An increasingly connected world and a strong digital economy have made it easier for multinational companies to have investments in multiple countries. This investment, where the company buys a controlling stake in a foreign company, is known as foreign direct investment. Making multiple foreign direct investments in countries with favorable tax policies, also known as tax havens, is a common strategy used by multinational companies to pay lower taxes and increase profits. But this strategy is commonly believed to have negative effects on the economic productivity of the home country (where the company is based) and the host country (the foreign country the company invests in).
Now, a new study published in the Global Strategy Journal in October 2022 suggests that foreign direct investments across multiple countries does not always have to be a bad thing; the effects are more nuanced than we think.
“The previous research on this strategic issue is a bit contradictory. It requires a more objective assessment to understand the effects of this strategy on the productivity of the host countries,” explains Soni Jha, one of the study’s authors and a doctoral candidate from the department of strategic management at Temple University at the time of publication. “We reasoned that these effects may depend on the position of the multinational company’s home country in the global foreign direct investment network. At the same time, countries that are connected to more tax havens in the network may benefit from more inflowing foreign direct investment.”
Jha, along with corresponding author Snehal Awate of the Indian Institute of Technology Bombay, evaluated these ideas by analyzing data from 212 countries for the years between 2002 and 2012. Then they constructed a global foreign direct investment network and evaluated the economic productivity of both home and host countries using a concept called “total factor productivity” (essentially, how much output can be produced from a fixed amount of input).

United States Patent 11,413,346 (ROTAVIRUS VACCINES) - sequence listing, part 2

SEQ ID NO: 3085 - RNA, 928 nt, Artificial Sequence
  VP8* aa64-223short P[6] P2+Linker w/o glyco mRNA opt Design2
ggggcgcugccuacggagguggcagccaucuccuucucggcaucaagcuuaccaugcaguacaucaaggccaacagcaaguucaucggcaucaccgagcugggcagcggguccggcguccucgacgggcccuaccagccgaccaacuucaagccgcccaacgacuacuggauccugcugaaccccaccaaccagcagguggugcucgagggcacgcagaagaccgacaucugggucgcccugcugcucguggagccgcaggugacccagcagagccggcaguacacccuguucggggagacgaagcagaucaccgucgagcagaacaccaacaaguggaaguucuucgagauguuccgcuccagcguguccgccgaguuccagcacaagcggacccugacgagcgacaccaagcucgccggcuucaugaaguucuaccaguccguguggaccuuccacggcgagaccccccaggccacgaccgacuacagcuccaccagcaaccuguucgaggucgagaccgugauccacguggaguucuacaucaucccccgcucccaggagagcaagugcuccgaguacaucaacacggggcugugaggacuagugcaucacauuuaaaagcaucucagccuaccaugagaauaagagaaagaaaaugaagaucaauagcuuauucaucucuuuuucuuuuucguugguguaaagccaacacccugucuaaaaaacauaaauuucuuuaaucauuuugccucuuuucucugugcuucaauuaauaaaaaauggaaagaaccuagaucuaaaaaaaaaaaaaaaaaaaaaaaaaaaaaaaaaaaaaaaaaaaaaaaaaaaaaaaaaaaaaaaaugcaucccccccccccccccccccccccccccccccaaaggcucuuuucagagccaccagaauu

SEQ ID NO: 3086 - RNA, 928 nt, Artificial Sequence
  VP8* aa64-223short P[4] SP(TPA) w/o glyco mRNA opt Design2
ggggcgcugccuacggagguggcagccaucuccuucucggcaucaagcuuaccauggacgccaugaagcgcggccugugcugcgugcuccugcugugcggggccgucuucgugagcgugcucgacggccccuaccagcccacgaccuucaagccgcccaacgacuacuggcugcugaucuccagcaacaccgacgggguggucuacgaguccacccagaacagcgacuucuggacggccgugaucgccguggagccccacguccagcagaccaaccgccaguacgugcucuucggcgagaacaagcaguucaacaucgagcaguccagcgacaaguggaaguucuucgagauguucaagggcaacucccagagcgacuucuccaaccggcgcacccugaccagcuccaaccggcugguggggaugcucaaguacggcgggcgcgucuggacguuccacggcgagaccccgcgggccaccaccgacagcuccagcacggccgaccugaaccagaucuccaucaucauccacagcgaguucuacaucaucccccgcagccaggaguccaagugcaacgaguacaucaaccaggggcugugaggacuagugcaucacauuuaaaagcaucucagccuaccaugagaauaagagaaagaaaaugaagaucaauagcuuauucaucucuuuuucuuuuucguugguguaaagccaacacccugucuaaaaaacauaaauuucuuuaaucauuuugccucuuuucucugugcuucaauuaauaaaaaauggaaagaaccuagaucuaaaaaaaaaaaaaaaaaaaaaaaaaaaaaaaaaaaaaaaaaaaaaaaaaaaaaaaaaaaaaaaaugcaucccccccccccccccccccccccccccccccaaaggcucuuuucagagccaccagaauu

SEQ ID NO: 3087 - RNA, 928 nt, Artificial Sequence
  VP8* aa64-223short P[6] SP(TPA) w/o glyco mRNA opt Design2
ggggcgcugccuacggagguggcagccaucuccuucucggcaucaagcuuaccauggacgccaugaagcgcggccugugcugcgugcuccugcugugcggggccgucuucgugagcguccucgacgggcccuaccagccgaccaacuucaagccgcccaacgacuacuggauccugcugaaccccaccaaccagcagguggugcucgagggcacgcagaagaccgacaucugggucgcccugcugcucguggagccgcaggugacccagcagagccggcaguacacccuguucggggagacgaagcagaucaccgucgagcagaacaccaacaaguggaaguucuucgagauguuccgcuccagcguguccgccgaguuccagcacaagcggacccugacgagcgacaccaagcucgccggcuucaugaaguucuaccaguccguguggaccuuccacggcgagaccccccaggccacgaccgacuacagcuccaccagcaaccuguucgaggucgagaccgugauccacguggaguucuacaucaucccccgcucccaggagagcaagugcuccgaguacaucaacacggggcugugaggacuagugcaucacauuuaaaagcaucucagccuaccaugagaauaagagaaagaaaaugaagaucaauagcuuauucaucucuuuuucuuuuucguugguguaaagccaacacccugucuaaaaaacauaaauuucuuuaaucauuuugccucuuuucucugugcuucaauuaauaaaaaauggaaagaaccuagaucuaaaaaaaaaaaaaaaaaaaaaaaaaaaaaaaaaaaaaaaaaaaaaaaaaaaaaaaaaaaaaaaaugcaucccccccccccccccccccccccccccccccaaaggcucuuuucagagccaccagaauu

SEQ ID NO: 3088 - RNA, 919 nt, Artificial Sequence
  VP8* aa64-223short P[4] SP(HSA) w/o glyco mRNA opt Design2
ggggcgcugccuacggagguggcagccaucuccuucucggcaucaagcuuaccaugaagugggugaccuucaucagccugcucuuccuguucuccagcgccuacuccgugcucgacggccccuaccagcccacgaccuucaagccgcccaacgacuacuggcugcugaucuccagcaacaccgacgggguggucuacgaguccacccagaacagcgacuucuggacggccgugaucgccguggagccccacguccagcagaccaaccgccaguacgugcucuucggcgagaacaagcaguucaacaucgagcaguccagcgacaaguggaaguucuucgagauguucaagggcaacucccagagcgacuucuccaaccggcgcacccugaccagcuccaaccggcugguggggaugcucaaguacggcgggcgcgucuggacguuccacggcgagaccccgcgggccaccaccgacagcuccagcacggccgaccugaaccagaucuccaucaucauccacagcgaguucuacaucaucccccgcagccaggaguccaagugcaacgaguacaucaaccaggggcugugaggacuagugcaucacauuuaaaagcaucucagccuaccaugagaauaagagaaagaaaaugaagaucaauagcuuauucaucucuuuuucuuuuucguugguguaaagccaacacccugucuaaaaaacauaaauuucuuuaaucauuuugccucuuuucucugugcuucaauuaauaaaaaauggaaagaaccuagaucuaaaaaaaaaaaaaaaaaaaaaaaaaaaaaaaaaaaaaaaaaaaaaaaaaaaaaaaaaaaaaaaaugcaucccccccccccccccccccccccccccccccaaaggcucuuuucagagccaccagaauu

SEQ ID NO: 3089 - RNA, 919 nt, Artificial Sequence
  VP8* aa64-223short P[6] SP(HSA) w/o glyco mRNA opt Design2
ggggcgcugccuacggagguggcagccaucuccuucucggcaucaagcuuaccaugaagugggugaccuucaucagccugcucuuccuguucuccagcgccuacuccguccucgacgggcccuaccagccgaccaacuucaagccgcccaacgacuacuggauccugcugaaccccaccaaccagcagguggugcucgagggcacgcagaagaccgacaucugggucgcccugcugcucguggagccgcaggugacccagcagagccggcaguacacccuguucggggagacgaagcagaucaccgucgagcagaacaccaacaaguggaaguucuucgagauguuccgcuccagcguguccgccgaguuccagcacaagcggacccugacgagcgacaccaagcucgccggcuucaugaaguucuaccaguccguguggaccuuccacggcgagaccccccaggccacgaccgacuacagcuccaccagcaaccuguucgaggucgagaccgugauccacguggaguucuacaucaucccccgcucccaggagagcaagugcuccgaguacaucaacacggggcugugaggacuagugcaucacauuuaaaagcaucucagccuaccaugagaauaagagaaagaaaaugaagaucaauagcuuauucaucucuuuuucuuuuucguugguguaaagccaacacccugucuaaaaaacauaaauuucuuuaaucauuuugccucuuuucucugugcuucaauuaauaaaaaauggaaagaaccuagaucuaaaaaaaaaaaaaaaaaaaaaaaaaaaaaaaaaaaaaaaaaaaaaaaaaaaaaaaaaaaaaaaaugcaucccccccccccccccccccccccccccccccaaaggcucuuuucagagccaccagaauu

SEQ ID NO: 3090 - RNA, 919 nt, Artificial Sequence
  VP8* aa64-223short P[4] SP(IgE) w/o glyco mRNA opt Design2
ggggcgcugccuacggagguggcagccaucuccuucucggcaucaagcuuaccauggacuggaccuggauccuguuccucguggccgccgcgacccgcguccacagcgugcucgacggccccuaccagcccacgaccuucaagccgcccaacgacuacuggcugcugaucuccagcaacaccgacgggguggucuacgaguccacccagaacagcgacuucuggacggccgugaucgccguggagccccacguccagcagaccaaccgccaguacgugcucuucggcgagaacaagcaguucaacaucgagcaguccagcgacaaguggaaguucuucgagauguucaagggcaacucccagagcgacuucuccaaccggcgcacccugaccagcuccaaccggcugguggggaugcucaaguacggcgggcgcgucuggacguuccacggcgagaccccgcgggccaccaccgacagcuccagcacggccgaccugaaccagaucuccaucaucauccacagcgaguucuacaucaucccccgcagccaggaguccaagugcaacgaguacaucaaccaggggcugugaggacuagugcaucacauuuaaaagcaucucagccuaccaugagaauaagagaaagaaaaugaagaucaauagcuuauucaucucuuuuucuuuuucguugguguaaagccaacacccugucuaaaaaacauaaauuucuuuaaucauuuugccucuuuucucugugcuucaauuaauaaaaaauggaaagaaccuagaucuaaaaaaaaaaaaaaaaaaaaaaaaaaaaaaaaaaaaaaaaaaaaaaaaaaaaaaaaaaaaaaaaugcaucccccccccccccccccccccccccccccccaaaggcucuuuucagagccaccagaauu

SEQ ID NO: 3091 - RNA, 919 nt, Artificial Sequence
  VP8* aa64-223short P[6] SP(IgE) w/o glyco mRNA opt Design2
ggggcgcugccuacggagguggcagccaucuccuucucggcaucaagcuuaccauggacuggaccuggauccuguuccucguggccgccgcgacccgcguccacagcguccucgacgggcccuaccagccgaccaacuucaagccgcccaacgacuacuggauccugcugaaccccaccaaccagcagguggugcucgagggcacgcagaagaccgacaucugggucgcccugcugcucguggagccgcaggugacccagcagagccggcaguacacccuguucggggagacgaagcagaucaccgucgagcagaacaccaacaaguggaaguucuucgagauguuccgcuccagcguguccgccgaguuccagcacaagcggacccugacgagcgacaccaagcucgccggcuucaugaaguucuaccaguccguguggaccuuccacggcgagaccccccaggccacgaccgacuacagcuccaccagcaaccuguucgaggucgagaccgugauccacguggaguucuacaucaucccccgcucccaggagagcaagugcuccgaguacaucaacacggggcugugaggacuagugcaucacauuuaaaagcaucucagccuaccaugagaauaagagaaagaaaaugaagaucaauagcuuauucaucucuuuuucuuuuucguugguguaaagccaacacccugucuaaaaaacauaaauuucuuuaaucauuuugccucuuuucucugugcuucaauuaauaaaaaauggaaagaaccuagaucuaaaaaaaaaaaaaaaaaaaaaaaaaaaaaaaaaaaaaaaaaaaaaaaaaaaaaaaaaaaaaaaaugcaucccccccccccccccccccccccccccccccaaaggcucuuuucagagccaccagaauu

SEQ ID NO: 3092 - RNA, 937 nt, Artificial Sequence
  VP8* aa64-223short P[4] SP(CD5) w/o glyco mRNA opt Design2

At the primary level, the analysis revealed that routing foreign direct investments through multiple tax havens has different effects on the productivity of the home and host country. Dispersing foreign direct investments across a wider number of tax havens reduced the productivity of the home country. But at the same time, host countries benefitted from a greater number of foreign direct investments coming through the global network and had increased productivity.
“Visualizing the global foreign direct investment as a network allowed us to understand how it affects different countries and stakeholders,” explains Awate. “For example, the analyses also revealed that investments flowing to and from prominent and central tax havens are beneficial for the productivity of both, the host and home countries.”
To gain further insights, the authors classified these results based on the income level and developmental status of the countries in the network. They found that the benefits of incoming foreign direct investments from prominent, well-connected tax havens were mainly felt by less developed and low-income countries.
These findings fill in critical gaps in the understanding of tax havens and foreign direct investment. They highlight that being connected to a global tax haven network has benefits for less developed countries, and that the use of tax havens by multinational companies is not necessarily negative. These are particularly important to policymakers and researchers who are having conversations about a global tax framework.